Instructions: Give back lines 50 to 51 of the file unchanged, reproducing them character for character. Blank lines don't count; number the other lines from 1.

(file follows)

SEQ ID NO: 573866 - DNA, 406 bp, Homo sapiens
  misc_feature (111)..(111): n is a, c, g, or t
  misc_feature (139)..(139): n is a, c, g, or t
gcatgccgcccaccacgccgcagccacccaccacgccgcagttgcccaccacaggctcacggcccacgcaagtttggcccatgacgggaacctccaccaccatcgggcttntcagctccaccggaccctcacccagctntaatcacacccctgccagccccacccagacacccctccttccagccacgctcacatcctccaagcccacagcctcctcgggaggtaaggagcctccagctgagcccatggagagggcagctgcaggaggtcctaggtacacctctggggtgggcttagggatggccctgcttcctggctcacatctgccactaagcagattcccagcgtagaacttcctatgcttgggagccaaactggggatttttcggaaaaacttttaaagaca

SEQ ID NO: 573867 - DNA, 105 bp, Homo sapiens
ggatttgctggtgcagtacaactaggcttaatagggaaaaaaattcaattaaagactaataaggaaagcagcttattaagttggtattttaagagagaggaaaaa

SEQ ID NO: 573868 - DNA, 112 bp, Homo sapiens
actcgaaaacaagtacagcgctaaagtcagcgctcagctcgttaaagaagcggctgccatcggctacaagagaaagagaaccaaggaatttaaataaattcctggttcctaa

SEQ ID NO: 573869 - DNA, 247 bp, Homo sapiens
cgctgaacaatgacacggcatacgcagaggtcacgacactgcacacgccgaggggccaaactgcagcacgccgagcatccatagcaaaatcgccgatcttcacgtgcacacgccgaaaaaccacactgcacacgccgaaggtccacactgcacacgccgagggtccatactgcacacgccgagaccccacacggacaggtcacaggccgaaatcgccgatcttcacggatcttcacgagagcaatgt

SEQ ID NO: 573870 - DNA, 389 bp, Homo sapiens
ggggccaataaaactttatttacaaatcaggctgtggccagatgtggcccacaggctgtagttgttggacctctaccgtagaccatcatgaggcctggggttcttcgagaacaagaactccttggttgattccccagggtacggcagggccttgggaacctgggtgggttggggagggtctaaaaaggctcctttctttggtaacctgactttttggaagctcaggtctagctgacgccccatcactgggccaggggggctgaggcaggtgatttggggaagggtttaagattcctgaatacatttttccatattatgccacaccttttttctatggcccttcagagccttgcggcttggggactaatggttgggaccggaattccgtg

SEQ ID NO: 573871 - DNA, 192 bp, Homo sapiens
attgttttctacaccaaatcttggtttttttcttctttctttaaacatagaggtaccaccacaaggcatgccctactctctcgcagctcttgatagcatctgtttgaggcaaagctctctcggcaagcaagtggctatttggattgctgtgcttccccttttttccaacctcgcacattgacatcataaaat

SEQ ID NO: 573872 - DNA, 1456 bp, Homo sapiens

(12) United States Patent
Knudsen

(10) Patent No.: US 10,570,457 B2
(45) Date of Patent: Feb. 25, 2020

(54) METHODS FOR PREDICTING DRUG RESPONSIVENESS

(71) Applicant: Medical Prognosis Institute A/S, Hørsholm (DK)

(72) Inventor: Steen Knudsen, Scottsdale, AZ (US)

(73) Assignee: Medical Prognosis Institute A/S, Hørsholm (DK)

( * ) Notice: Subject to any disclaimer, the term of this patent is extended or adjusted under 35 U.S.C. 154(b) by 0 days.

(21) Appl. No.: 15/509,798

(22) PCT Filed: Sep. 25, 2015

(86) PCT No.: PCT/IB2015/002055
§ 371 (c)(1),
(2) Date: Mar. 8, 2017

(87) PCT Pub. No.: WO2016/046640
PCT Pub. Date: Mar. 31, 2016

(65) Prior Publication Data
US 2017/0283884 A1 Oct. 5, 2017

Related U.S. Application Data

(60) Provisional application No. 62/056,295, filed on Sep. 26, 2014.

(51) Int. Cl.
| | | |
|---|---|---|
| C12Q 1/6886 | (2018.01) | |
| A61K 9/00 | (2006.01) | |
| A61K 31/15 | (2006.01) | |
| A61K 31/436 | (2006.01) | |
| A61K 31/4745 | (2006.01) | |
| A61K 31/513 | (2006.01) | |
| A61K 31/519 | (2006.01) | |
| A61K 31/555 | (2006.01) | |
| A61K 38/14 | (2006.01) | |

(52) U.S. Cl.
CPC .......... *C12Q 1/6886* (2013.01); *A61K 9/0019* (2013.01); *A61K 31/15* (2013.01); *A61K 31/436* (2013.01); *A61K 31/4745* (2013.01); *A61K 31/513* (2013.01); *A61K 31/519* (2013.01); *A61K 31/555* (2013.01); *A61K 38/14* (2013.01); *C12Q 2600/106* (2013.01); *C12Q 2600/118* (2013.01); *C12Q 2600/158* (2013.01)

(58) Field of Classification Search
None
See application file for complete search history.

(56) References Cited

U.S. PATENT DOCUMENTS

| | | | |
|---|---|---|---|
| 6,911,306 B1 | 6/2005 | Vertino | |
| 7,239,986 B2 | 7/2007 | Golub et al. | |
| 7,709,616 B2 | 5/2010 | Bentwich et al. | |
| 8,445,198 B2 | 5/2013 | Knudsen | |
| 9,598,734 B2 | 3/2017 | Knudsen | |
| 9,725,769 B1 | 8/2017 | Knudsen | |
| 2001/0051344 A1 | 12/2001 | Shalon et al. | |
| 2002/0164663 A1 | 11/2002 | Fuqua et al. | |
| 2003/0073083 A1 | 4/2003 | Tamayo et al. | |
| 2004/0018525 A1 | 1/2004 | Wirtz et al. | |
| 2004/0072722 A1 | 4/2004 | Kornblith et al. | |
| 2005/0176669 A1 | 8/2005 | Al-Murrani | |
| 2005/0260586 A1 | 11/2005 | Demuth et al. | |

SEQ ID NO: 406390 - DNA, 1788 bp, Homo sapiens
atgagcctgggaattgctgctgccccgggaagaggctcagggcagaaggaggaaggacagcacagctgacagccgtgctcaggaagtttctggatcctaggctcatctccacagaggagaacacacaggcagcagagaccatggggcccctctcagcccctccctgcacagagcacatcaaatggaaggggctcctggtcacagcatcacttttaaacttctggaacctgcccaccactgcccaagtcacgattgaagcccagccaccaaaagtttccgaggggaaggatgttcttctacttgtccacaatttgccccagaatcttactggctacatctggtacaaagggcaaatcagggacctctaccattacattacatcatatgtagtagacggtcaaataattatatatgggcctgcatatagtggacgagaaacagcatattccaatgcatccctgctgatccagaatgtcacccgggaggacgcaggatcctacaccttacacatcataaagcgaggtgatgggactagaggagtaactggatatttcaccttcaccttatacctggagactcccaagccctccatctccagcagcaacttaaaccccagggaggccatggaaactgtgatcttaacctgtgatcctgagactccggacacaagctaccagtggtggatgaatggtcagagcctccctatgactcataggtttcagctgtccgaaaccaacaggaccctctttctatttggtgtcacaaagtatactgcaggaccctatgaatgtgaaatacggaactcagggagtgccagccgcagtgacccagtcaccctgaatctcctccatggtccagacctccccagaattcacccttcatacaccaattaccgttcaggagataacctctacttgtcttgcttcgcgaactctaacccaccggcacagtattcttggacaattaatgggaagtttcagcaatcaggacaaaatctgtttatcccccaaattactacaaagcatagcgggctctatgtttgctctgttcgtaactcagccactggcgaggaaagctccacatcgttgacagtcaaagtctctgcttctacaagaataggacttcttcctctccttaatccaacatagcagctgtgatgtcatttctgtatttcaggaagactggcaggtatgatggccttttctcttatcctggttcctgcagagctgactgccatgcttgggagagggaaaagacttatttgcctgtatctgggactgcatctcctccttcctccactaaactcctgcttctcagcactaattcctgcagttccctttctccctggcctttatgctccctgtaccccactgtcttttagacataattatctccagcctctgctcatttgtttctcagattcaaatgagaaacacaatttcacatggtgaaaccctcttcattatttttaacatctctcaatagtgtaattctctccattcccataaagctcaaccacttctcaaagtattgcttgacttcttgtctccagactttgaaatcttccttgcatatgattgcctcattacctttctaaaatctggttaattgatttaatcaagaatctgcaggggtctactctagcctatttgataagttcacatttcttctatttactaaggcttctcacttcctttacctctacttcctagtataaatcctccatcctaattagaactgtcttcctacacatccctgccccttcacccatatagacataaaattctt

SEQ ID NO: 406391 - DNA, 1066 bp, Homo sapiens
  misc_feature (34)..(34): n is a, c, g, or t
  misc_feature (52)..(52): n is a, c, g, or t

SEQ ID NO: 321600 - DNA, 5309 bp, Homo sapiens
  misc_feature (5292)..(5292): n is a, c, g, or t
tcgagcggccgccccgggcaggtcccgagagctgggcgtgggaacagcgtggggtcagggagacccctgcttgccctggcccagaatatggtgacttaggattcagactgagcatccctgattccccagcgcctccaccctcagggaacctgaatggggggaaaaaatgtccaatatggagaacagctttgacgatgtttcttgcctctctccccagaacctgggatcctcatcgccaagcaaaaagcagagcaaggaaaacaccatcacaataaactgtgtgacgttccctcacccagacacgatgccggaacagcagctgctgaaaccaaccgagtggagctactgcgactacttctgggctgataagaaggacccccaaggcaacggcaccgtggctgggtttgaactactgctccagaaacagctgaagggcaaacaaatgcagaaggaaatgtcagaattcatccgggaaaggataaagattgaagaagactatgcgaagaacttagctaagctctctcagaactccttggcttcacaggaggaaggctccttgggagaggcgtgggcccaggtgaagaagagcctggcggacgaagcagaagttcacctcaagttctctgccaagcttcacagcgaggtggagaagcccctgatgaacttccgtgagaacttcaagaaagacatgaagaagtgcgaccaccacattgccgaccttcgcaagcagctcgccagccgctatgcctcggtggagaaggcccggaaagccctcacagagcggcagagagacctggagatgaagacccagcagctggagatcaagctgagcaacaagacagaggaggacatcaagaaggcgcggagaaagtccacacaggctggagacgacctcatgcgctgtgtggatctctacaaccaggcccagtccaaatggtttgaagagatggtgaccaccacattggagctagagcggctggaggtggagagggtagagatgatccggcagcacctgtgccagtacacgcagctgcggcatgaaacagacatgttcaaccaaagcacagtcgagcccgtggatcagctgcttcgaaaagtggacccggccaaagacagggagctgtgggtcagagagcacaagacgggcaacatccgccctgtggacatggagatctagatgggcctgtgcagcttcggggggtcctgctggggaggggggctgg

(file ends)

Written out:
(58) Field of Classification Search
None